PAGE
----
Children who have been removed from their parents need stability and permanence; this is as true for disabled children as it is for others. Yet many children are subject to extended periods of uncertainty and instability. Growing attention has been paid to the need to achieve permanence within a timescale which meets children's needs.
As disabled children are over-represented in looked after (in care) populations it is especially important that their needs are considered when formulating policy and practice in this area.
This review of literature covers international material related to stability and permanence for disabled children, in particular permanence achieved through fostering and adoption. A scoping method was used to identify and analyse a broad range of material.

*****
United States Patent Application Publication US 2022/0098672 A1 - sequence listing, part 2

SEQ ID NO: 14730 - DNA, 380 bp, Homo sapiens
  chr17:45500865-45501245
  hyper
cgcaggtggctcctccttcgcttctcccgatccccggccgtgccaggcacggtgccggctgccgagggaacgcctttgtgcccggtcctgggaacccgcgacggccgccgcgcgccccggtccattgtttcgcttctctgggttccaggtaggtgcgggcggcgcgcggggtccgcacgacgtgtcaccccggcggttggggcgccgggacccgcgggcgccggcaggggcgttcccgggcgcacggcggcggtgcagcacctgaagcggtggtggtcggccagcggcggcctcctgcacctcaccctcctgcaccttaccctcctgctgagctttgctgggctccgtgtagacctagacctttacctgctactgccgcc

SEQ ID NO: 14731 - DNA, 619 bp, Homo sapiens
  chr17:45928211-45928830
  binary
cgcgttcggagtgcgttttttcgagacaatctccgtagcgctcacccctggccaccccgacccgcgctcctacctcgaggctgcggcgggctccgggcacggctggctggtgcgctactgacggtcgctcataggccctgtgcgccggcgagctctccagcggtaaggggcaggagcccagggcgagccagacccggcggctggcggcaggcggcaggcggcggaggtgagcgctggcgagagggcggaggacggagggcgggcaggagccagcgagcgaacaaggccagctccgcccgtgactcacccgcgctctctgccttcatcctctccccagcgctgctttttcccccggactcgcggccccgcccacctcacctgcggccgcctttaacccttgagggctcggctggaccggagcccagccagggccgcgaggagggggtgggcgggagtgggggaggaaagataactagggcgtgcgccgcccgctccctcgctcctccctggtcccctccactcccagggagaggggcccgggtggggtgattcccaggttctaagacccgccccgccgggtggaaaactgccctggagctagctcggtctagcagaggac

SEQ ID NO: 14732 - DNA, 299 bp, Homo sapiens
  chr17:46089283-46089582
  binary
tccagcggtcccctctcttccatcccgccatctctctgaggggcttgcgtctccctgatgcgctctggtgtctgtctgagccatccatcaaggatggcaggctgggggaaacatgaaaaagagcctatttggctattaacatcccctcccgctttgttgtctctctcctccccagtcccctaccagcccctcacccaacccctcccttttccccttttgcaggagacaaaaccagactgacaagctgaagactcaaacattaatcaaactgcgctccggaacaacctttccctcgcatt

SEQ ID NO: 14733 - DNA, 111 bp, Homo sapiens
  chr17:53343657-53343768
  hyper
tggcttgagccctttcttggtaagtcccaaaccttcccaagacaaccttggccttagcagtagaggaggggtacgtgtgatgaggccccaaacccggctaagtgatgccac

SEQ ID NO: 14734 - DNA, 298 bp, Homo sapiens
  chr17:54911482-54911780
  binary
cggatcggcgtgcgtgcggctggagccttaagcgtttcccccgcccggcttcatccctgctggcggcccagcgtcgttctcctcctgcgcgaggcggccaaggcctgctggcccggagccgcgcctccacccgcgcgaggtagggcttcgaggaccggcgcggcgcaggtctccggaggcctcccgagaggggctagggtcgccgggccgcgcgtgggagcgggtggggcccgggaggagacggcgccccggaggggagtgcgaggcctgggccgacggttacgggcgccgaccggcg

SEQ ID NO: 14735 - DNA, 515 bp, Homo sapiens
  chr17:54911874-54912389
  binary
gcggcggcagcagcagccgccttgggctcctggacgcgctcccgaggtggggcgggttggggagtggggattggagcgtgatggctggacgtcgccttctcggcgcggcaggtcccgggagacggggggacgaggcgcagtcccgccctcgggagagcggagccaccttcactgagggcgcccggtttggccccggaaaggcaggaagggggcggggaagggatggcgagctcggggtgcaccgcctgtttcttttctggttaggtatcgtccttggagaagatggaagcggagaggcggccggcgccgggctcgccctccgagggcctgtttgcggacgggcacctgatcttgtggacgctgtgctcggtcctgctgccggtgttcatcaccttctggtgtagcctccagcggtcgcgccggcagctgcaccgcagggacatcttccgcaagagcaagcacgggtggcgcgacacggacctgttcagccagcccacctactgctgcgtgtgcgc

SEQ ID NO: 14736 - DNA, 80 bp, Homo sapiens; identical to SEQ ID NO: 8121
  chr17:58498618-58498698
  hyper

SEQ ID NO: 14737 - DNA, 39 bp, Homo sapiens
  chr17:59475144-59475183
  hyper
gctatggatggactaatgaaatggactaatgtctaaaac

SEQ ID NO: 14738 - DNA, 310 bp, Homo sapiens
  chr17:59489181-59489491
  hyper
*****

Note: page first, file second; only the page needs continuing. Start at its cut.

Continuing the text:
Ninety texts were included in the review, including material from the US, the UK, Canada, Australia, China and the Netherlands. Empirical research included quantitative, mixed methods and qualitative studies. Other sources included literature reviews and a small number of research-based 'think pieces' and briefings.